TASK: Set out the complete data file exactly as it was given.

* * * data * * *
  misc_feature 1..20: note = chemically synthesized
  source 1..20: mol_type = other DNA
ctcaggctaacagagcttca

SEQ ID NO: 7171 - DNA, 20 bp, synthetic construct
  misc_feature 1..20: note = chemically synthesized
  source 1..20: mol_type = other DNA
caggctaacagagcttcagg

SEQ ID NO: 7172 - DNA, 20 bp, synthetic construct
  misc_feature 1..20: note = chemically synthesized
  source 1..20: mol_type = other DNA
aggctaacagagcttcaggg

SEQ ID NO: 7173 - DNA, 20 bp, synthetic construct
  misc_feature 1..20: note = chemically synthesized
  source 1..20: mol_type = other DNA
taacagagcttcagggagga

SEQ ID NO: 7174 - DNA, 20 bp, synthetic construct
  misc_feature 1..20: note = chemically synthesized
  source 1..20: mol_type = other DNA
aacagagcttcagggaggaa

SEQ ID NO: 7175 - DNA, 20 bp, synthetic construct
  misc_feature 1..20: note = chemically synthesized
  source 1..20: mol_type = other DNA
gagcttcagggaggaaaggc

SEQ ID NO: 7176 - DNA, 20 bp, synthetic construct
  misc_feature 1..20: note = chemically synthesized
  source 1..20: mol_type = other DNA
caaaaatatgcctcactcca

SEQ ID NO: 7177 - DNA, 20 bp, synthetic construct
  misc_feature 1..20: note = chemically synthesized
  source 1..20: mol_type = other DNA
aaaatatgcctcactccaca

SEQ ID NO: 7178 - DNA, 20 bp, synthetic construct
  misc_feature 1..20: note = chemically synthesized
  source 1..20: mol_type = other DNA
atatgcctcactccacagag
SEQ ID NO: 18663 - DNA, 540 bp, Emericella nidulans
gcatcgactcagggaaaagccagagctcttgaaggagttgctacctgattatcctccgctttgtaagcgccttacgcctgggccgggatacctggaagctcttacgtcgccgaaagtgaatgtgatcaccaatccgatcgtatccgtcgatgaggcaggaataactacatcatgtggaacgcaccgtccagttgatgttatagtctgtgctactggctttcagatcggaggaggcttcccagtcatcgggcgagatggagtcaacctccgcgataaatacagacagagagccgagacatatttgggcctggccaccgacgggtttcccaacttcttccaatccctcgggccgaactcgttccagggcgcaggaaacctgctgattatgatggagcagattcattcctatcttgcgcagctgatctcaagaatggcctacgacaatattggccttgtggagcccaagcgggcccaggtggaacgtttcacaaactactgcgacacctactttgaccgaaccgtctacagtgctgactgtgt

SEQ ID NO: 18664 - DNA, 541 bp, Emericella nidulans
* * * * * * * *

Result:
  misc_feature 1..20: note = chemically synthesized
  source 1..20: mol_type = other DNA
ctcaggctaacagagcttca

SEQ ID NO: 7171 - DNA, 20 bp, synthetic construct
  misc_feature 1..20: note = chemically synthesized
  source 1..20: mol_type = other DNA
caggctaacagagcttcagg

SEQ ID NO: 7172 - DNA, 20 bp, synthetic construct
  misc_feature 1..20: note = chemically synthesized
  source 1..20: mol_type = other DNA
aggctaacagagcttcaggg

SEQ ID NO: 7173 - DNA, 20 bp, synthetic construct
  misc_feature 1..20: note = chemically synthesized
  source 1..20: mol_type = other DNA
taacagagcttcagggagga

SEQ ID NO: 7174 - DNA, 20 bp, synthetic construct
  misc_feature 1..20: note = chemically synthesized
  source 1..20: mol_type = other DNA
aacagagcttcagggaggaa

SEQ ID NO: 7175 - DNA, 20 bp, synthetic construct
  misc_feature 1..20: note = chemically synthesized
  source 1..20: mol_type = other DNA
gagcttcagggaggaaaggc

SEQ ID NO: 7176 - DNA, 20 bp, synthetic construct
  misc_feature 1..20: note = chemically synthesized
  source 1..20: mol_type = other DNA
caaaaatatgcctcactcca

SEQ ID NO: 7177 - DNA, 20 bp, synthetic construct
  misc_feature 1..20: note = chemically synthesized
  source 1..20: mol_type = other DNA
aaaatatgcctcactccaca

SEQ ID NO: 7178 - DNA, 20 bp, synthetic construct
  misc_feature 1..20: note = chemically synthesized
  source 1..20: mol_type = other DNA
atatgcctcactccacagag
SEQ ID NO: 18663 - DNA, 540 bp, Emericella nidulans
gcatcgactcagggaaaagccagagctcttgaaggagttgctacctgattatcctccgctttgtaagcgccttacgcctgggccgggatacctggaagctcttacgtcgccgaaagtgaatgtgatcaccaatccgatcgtatccgtcgatgaggcaggaataactacatcatgtggaacgcaccgtccagttgatgttatagtctgtgctactggctttcagatcggaggaggcttcccagtcatcgggcgagatggagtcaacctccgcgataaatacagacagagagccgagacatatttgggcctggccaccgacgggtttcccaacttcttccaatccctcgggccgaactcgttccagggcgcaggaaacctgctgattatgatggagcagattcattcctatcttgcgcagctgatctcaagaatggcctacgacaatattggccttgtggagcccaagcgggcccaggtggaacgtttcacaaactactgcgacacctactttgaccgaaccgtctacagtgctgactgtgt

SEQ ID NO: 18664 - DNA, 541 bp, Emericella nidulans